Mar 2, 2019Focus on the Sleep of Your Athletes
The Peach Belt Conference (PBC) was recently looking for a unique way to kick off its educational campaign on the importance of adequate, high-quality sleep. It did so by distributing sleep masks to student-athletes at all member schools.
“It’s a way to help them get better sleep or make their environment a little more conducive to sleep wherever they happen to be,” says Diana Kling, Associate Commissioner of the PBC, which includes 12 NCAA Division II institutions. “When student-athletes are traveling, some are watching movies and some are doing homework, while others want to go to sleep. Now, they can put on the sleep mask and drown out the light from the people around them or the cars on the freeway. They can also use it in their dorm room if their roommate gets up earlier than they do or stays up later.”
The masks are just one part of the PBC’s educational effort, which also includes teaching athletes, coaches, and administrators about all aspects of sleep hygiene. “There are studies that show injury rates go down when athletes get better, longer sleep,” Kling says. “In addition, reflexes and reaction times are faster when they get more sleep, so their athletic performance improves. And more sleep also translates into better academic performance.”
The men’s soccer team at PBC-member Flagler College has embraced the initiative fully, although players were skeptical at first. “When the sleep masks arrived, everybody kind of looked around said, ‘What are these?’” says Head Coach Chris Kranjc. “I encouraged them to give it a try, and as time went along the kids started using them more and more frequently. They found stimuli was blocked and that helped with the quality of their sleep. I even used it on my flight to Europe for a recruiting trip—I found it really helped not only for getting to sleep but for staying asleep.”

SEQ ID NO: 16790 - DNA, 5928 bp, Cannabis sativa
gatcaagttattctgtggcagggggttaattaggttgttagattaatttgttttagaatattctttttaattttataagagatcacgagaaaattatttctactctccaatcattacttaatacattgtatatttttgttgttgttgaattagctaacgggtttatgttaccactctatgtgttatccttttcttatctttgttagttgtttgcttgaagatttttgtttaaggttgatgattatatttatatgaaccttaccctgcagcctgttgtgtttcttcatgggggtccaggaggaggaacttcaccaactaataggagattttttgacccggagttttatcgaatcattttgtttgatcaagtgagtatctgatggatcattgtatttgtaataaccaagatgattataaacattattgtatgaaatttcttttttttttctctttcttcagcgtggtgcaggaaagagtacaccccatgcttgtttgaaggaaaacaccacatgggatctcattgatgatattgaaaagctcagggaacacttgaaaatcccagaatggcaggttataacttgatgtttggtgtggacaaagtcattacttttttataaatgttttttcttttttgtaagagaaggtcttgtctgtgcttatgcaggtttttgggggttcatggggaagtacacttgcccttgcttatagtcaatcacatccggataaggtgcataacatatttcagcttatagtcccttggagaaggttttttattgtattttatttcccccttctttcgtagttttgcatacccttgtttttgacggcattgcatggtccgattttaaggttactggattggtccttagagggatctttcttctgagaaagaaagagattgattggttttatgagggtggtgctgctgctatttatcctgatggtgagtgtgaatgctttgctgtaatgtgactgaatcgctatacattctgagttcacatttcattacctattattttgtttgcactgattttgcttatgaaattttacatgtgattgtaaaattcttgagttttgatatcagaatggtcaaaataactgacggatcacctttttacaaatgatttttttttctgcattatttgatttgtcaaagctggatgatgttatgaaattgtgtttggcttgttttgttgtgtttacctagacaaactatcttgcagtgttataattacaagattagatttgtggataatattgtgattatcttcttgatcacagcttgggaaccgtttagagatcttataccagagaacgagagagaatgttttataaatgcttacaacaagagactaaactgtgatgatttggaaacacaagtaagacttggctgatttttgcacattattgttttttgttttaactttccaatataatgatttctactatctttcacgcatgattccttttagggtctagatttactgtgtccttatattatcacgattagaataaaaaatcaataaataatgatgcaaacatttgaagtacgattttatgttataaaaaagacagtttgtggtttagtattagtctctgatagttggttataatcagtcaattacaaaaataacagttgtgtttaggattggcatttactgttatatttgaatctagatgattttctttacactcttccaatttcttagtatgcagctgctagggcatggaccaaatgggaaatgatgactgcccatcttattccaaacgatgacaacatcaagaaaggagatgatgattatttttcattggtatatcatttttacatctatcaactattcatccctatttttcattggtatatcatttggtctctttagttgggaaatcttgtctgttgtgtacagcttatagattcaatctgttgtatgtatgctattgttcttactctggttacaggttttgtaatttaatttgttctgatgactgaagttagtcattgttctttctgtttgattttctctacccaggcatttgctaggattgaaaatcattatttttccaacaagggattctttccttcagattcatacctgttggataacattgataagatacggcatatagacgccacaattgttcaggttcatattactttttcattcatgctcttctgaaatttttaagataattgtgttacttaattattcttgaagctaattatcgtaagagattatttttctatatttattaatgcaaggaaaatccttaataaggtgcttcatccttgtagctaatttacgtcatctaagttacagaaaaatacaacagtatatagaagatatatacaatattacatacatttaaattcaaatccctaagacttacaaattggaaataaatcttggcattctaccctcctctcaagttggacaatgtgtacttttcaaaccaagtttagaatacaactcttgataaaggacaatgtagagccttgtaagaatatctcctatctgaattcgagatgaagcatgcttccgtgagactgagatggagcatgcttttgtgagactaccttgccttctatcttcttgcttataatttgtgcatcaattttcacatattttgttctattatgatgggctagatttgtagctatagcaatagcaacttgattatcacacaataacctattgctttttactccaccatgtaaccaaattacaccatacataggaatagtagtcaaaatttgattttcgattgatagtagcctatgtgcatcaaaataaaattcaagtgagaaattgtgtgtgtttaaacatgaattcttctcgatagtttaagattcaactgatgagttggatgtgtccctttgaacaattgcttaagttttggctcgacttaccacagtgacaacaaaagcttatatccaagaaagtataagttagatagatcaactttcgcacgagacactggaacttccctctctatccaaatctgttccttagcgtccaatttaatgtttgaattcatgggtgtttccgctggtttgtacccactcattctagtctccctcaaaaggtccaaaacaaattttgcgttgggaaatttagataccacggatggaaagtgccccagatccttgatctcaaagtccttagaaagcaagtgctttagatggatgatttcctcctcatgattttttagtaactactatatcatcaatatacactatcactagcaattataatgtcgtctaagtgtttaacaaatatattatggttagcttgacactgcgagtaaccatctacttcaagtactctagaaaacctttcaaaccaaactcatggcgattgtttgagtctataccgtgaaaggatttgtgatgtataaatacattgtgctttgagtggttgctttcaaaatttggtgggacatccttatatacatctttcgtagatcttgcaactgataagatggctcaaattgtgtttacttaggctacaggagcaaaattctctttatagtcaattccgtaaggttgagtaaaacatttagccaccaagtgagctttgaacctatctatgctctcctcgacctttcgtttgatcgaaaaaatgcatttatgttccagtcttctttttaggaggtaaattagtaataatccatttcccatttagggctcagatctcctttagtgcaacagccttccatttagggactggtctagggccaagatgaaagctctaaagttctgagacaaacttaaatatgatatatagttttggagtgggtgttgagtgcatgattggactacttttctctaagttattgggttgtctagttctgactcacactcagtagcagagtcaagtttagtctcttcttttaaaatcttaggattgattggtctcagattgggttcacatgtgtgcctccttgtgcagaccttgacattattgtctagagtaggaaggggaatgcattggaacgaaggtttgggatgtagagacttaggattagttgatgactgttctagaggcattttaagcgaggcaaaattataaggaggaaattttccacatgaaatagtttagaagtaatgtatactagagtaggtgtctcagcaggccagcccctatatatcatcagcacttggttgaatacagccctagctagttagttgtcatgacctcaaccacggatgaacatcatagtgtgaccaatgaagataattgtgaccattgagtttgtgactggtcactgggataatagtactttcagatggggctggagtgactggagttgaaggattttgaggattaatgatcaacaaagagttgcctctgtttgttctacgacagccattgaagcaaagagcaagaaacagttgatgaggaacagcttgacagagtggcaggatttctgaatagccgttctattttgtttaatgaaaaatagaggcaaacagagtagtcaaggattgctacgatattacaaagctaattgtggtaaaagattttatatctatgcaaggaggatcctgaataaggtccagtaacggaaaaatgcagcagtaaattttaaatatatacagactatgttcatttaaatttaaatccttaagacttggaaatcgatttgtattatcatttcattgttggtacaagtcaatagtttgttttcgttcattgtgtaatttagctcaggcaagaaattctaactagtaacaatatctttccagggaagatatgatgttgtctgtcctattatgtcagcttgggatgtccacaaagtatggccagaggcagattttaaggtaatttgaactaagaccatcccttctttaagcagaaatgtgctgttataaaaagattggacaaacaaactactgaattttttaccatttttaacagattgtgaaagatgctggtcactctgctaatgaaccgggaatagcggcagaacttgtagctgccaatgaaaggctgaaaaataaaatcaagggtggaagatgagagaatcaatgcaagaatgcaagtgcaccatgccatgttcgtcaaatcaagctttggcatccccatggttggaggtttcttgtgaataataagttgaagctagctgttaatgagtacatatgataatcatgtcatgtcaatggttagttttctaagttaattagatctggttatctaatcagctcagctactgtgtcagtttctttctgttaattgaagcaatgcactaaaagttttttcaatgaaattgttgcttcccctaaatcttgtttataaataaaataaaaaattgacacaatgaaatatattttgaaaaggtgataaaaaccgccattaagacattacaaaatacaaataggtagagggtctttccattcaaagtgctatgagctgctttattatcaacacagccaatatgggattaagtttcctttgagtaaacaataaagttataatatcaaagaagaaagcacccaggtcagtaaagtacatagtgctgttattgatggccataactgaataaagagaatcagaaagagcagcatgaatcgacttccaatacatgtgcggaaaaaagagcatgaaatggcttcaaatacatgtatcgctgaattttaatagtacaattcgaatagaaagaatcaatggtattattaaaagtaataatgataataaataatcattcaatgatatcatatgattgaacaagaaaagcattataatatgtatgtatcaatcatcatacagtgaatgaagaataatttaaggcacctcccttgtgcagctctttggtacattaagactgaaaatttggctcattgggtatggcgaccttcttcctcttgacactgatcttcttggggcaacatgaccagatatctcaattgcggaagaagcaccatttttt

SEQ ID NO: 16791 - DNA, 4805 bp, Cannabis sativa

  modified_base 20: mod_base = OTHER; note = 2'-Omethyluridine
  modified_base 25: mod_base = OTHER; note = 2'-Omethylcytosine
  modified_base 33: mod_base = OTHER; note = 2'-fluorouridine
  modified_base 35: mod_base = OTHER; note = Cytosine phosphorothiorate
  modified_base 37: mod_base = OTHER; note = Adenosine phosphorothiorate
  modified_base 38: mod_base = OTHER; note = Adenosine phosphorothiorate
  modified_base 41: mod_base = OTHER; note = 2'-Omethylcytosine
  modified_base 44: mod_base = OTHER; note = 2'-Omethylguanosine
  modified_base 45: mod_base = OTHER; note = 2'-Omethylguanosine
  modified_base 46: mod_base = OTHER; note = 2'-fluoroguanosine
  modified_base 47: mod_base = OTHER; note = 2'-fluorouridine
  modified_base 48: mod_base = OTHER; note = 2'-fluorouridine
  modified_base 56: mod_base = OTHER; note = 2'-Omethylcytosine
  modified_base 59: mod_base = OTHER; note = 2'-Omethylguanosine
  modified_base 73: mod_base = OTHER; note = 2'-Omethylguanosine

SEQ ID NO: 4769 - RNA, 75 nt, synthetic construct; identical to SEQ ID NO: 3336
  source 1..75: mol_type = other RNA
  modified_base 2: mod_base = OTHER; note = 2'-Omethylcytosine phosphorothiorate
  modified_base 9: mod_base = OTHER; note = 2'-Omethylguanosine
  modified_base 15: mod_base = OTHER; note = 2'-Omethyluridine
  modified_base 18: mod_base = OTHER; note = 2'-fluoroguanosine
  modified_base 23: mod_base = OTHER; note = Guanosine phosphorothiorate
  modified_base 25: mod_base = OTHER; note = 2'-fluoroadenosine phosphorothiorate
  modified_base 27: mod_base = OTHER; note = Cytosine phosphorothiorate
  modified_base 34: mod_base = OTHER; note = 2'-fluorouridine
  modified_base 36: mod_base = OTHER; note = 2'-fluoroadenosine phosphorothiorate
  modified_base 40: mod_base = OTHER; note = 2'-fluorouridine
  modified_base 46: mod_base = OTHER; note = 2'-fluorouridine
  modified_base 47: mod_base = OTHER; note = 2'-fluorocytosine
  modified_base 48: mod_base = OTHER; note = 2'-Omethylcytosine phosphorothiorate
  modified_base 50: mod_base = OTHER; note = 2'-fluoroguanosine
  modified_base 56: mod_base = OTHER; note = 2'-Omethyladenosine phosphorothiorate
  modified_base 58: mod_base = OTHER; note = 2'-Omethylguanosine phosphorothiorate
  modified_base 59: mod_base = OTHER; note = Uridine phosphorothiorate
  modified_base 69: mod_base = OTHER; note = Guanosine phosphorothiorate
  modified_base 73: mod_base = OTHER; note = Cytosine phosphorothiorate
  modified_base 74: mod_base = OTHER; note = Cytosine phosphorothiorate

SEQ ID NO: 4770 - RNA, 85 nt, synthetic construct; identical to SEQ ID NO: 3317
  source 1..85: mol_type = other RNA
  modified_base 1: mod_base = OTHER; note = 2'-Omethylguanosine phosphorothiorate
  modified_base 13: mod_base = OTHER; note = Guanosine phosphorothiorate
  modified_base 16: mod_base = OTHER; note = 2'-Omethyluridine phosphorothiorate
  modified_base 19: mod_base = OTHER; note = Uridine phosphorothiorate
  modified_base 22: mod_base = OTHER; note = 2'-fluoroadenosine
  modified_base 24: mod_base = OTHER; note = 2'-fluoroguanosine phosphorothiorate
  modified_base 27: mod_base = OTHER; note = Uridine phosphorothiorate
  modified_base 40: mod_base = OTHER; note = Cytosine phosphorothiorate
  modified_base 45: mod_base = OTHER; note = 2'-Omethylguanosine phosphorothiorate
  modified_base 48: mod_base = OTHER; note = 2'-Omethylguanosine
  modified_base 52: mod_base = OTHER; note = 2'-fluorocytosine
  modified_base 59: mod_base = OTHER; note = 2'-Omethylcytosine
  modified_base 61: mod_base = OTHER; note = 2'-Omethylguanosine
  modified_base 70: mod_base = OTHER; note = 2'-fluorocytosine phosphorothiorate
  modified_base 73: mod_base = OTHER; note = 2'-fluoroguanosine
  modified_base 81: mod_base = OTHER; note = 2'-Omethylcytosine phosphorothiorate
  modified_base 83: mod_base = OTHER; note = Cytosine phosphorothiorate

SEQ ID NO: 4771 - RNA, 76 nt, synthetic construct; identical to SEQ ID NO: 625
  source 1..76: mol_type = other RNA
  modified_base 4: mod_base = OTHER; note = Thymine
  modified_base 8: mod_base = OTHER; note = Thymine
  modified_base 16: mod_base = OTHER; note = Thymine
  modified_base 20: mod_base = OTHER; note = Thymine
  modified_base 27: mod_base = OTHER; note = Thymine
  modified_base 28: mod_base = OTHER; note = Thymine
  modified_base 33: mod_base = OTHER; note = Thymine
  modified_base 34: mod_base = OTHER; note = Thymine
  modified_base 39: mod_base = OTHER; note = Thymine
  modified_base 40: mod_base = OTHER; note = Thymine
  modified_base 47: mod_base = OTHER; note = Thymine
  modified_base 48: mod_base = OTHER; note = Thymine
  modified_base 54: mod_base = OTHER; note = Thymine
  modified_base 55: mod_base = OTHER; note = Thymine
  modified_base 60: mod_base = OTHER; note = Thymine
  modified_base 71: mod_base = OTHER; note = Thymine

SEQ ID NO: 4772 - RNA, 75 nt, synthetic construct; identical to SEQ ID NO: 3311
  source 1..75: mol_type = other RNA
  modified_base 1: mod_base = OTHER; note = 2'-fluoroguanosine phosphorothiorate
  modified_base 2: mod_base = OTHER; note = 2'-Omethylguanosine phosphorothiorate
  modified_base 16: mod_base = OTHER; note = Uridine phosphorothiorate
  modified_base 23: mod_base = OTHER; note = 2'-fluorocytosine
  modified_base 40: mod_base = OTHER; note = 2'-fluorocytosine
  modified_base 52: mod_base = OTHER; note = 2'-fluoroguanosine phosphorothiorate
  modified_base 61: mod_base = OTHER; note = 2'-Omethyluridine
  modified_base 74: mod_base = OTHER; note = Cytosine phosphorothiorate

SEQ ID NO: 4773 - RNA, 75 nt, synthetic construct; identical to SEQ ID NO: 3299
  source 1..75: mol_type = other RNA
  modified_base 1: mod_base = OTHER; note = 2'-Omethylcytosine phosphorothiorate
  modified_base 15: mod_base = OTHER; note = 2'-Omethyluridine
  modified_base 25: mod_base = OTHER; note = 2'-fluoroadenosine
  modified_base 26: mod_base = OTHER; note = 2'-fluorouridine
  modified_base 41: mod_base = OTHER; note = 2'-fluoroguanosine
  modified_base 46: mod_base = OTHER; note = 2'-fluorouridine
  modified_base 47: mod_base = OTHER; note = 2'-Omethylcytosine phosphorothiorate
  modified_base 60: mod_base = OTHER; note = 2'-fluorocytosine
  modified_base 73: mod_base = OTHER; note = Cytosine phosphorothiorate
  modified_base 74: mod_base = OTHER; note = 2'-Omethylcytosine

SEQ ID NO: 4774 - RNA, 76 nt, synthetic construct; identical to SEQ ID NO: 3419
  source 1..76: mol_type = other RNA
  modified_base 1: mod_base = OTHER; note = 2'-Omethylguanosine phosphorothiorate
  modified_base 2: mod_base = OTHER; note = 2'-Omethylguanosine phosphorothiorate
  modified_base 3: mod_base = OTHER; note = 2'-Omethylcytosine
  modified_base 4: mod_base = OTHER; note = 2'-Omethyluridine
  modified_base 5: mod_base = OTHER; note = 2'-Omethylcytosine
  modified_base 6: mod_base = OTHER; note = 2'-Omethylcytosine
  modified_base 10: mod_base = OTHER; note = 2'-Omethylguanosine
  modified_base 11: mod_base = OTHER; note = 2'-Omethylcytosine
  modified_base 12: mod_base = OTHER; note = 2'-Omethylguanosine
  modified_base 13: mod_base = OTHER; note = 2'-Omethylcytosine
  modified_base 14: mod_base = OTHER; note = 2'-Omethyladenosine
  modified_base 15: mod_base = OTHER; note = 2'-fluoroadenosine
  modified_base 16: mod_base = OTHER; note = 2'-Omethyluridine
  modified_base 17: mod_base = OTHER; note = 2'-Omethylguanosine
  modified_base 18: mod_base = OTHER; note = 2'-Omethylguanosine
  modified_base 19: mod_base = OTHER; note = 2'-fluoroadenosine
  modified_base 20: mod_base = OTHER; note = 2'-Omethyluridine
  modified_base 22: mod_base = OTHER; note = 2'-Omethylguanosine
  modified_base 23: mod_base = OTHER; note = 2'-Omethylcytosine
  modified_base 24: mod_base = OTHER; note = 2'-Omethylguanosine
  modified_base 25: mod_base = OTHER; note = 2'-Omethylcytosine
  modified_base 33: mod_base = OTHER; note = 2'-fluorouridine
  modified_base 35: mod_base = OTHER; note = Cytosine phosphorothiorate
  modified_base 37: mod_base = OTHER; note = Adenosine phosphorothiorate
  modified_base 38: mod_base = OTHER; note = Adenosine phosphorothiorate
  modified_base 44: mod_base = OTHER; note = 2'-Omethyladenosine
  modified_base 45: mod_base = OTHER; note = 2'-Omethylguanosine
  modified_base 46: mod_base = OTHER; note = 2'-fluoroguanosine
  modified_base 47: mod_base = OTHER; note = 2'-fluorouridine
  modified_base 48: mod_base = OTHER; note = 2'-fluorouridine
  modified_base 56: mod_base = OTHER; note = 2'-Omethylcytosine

The PBC has received positive feedback on its sleep efforts from several schools, and Kling believes student-athletes are buying in. “Everybody wants a quick fix, like an energy drink,” she says. “We are working to get the message out that quick fixes can have unintended consequences, while just a little more sleep can do a lot of wonderful things.”
An earlier article from Training & Conditioning, titled “Lights Out,” provides the following tips that you can give your athletes in emphasizing the importance of sleep to them:
• Get enough sleep: Obtaining eight to 10 hours of sleep every night, and not just before a game or competition, is critical.
• Be consistent: Establish a consistent sleep schedule by going to bed and waking up at the same time every day. Our bodies like regularity and with a regular sleep schedule, it will naturally start to anticipate sleep. Set a daily alarm on your phone to remind you that you have 30 minutes to wrap up your day and head to bed.
• Sleep in a cave: Make your bedroom cave-like–dark, quiet, and cool. Blackout curtains are strongly recommended. Earplugs can minimize noise, and a fan can circulate air while blocking out other noises. A white noise machine may also help. Cooler temperatures are better for sleep, so start at 70 degrees and decrease the temperature a few degrees each night until you find the right temperature for you.
• Establish a routine: Develop and stick to a 20- to 30-minute routine before bed. Adopt a practice such as reading or listening to music so that your body knows sleep is near.
• Bathroom before bed: Hydrate during the day and minimize liquids one to two hours before you sleep. Use the bathroom before bed to cut down on awakenings.
• Avoid electronic screens: Stay away from TV, laptops, and video games one hour before bed. The emitted light can prevent sleep. Download the program f.lux (justgetflux.com), which can help promote sleep by making the color of your computer display adapt to the time of day–warm at night and more like sunlight during the day.
Avoid caffeine and alcohol: Refrain from caffeine after 3 p.m. Alcohol can prevent REM sleep and fragment sleep during the second half of the night.
• For sleep only: Reserve your bedroom and bed for sleeping only. Don’t watch TV, eat, or do work in bed.
• Leverage power naps: Ten- to 30-minute power naps provide a two- to three-hour boost in alertness and performance. Be cautious of longer naps, which can result in sleep inertia (feelings of grogginess) upon awakening from deep stages of sleep. Eliminate naps if you have difficulty sleeping at night.
• Pay your sleep debt: Chronically obtaining less sleep than your body needs builds a sleep debt over time. For optimal functioning and sports performance, you should eliminate your sleep debt by gradually extending your sleep duration, such as increasing from your typical seven hours per night to seven and a half hours for one week, then eight hours per night the following week.
• Be patient: Reducing your sleep debt takes more than one night or weekend of good sleep!